There is excitement on a new-found prosperity in rural areas. Screaming headlines tell us of farmers finding new ways to prosperity. Is that the ground reality?
Devinder Sharma Delhi
At the height of the green revolution, the Punjab Agricultural University (PAU) showcased a prosperous farmer in the outskirts of Ludhiana as the emerging face of agriculture. As a young reporter with the Indian Express, I remember visiting his farm a number of times, and every time I returned from his farm, I woke up with a heady hangover.
There was hardly an evening when Harmik Singh (name changed) would not empty a crate of Peter Scot, quite an expensive whisky those days. No wonder, scientists, industrialists, international visitors, journalists, writers and politicians lined up at his farm. As they devoured chicken with a never-ending flow of liquor, it looked as if farming had suddenly become economically viable; there was prosperity all around.
For 40 years now, ever since the green revolution began in 1966-67, the nation has eulogised the Punjab farmer. Newspapers have, over the years, reported about the visible prosperity ushered in through intensive agriculture. Magazine articles have featured the opulent life style of prosperous Punjabi farmers. It wasn't unusual to see cover stories of farmers driving a Maruti car and relaxing by the side of the pool in their sprawling farm houses.
Not many journalists tried to explore the reasons behind the new-found prosperity. Harmik Singh's rich lifestyle, for instance, had more to do with an agency of pick-up vehicles he had, and which he never talked about. Nor did we try to find out the source of the money flow. We believed what the mainline economists - who misled us all these years because of their own lack of grip over the ground realities - told us.
Punjab is now paying the price of such faulty projections. Agriculture is in distress. It always was. Punjab's underbelly was gradually caving in. We refused to see it. Agriculture not only became economically unviable but also highly unsustainable. Farmers were made to pump in more chemical inputs to maintain their crop harvests. Mining for water to artificially sustain a wheat-rice cropping pattern became a necessity. Intensive farming has finally destroyed the natural resource base.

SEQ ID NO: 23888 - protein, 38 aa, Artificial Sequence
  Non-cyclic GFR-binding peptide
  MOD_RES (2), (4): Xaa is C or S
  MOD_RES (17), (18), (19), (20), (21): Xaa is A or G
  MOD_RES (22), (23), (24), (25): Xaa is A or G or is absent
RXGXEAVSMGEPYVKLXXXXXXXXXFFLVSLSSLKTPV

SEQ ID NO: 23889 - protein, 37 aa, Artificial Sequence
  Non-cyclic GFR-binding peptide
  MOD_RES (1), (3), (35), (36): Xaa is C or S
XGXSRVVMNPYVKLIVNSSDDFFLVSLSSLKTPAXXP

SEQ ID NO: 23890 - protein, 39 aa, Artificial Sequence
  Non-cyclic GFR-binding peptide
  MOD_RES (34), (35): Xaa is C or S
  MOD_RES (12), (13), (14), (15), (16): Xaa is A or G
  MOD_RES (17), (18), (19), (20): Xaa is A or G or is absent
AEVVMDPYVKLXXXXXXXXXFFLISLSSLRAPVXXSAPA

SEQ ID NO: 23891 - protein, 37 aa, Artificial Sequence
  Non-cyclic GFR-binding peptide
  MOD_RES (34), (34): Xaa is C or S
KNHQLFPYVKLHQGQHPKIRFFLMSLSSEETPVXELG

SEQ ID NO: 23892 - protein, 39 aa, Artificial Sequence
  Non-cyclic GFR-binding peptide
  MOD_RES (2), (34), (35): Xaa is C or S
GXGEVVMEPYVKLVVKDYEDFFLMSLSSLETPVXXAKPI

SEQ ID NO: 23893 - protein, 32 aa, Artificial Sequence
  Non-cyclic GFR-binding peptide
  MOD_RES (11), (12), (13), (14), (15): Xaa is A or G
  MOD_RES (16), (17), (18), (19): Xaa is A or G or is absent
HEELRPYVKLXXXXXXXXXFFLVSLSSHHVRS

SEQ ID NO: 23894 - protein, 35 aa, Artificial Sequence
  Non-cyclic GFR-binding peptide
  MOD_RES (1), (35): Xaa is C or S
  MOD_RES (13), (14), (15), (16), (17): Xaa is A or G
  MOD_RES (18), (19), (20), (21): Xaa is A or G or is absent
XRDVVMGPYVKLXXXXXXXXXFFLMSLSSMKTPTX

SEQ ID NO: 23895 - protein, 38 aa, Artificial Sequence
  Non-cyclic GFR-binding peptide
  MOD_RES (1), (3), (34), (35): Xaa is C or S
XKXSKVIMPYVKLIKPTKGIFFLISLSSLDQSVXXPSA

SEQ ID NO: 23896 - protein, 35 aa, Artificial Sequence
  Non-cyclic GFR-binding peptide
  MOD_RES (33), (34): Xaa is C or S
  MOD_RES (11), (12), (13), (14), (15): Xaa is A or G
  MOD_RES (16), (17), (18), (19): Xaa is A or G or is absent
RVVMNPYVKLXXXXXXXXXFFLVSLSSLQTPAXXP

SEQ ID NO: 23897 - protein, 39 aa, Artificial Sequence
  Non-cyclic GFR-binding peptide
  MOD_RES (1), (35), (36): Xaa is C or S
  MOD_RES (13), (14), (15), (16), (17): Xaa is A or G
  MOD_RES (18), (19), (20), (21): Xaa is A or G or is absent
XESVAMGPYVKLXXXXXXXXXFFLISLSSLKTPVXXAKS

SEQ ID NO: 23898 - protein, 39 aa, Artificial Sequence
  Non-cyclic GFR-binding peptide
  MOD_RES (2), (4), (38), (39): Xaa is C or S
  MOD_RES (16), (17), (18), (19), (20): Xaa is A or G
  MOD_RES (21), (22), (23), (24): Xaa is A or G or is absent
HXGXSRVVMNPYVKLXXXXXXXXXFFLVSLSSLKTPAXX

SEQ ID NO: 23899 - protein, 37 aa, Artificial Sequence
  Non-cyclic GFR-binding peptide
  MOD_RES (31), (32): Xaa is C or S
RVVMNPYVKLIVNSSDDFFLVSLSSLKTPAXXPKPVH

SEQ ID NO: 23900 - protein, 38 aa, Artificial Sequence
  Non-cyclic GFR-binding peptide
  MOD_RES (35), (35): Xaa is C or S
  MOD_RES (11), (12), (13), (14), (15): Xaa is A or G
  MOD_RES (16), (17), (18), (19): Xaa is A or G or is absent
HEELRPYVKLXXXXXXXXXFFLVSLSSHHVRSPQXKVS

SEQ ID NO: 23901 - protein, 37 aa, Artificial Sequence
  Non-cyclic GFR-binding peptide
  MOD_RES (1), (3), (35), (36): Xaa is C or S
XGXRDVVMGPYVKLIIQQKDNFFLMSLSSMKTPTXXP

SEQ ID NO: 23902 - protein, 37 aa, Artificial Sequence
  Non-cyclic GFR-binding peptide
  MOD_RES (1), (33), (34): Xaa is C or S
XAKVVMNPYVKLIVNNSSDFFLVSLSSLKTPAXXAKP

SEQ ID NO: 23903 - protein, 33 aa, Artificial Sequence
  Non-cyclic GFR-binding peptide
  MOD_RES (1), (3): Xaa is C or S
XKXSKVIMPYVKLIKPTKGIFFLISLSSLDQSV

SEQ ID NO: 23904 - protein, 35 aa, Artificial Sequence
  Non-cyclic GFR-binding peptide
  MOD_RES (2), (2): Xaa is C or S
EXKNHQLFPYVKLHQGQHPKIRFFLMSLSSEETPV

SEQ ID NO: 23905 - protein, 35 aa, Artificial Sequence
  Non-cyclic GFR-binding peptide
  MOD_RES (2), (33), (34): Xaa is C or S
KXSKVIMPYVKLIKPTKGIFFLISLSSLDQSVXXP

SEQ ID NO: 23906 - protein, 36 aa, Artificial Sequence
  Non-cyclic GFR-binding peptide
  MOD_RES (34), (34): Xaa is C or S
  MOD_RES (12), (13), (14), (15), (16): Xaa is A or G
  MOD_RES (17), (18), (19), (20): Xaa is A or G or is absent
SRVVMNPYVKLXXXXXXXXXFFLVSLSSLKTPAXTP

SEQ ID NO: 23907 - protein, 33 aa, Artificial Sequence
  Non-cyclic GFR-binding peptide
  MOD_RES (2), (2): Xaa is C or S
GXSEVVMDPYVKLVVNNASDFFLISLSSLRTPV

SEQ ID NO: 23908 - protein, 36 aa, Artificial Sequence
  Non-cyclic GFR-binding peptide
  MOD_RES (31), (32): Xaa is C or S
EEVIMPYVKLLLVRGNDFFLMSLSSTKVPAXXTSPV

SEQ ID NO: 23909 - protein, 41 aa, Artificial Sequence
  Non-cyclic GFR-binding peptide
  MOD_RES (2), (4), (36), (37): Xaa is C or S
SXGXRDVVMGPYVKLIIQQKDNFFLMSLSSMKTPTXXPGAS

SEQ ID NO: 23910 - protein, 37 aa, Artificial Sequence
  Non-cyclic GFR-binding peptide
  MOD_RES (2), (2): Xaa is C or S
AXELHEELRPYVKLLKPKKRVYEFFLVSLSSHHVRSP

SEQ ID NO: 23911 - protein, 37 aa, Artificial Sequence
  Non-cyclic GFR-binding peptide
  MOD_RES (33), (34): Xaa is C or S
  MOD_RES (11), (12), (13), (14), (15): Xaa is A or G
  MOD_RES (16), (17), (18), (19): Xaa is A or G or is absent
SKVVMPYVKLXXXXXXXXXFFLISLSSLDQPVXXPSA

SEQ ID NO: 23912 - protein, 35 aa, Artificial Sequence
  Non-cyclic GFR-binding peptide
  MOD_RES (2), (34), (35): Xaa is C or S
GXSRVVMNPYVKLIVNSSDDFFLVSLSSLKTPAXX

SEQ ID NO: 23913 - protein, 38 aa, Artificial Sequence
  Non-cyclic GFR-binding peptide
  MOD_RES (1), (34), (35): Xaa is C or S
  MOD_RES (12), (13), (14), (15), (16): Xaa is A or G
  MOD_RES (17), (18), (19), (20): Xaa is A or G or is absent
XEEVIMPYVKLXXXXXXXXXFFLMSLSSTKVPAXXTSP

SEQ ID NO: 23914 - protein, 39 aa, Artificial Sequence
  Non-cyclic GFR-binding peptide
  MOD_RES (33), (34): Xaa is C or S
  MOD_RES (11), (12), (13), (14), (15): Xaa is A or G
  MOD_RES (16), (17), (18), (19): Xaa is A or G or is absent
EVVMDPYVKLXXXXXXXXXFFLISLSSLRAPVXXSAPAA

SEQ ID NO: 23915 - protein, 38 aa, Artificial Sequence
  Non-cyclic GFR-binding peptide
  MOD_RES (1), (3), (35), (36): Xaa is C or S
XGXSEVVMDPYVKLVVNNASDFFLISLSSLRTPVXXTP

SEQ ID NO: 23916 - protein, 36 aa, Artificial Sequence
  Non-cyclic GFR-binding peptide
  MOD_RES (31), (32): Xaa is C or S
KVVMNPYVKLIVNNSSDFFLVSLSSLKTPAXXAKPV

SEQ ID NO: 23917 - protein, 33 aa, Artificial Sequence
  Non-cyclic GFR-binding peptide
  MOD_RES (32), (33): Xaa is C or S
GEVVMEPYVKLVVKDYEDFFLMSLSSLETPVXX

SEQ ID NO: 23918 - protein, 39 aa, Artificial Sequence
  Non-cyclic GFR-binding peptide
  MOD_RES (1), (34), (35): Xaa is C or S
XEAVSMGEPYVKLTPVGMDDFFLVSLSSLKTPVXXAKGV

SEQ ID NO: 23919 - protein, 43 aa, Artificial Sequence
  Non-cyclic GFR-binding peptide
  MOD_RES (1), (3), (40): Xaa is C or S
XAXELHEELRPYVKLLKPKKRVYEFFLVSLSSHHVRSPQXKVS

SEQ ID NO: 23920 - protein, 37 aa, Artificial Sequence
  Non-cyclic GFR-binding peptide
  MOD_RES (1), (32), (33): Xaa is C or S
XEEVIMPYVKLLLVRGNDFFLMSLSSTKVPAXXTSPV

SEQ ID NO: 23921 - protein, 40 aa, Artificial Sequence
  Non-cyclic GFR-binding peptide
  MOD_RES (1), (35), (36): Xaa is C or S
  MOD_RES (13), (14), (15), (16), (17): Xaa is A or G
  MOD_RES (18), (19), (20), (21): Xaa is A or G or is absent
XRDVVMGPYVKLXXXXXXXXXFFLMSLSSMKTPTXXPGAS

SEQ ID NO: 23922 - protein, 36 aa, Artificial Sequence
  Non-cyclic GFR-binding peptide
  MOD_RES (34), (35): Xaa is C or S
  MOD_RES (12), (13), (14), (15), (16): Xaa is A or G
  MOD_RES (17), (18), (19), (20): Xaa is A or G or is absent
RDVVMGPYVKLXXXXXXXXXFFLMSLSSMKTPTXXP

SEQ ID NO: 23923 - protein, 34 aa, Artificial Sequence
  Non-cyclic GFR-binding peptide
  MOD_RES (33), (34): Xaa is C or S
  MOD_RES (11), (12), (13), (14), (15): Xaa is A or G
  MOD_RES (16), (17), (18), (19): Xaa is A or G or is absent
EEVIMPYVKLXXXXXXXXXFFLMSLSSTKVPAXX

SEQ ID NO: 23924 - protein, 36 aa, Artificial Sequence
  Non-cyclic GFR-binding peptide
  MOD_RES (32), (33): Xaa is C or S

The farm prosperity we were made to believe in has disappeared. Over the years, indebtedness began growing to phenomenal levels. A recent PAU study shows as many as 89 per cent of Punjab farm households reeling under debt. Debt per farm family today stands at a staggering Rs 1.78 lakh. In other words, for every hectare of land holding, the outstanding debt is Rs 50,140.
Forty years after the green revolution, isn't it a shame to learn that the average income of a Punjab farm family hovers around a mere Rs 3,200 a month? What happened to the rural prosperity that we all knew about? Aren't more and more Punjab farmers abandoning agriculture? Thousands have already committed suicide. With every passing year, more and more farmers are being pushed to
With non-farm job opportunities drying, escape from Punjab to greener pastures abroad by legitimate and illegitimate means has become a norm. Travel agencies promising jobs abroad are now the fastest growing service industry. Punjab farmers have in reality become a victim of the same economic policies that projected them as country's heroes.
I see a similar trend now. There is excitement all around on a newfound prosperity in the rural areas. Bharat, they say, is now shining. Screaming headlines tell us of farmers finding new ways to prosperity. We hear of mini-agricultural revolutions taking place in every nook and corner of the country. We are told the next phase of growth is expected to come from rural markets and rural India accounting for almost half the domestic retail market, which is valued over $300 billion. The media is again full of success stories.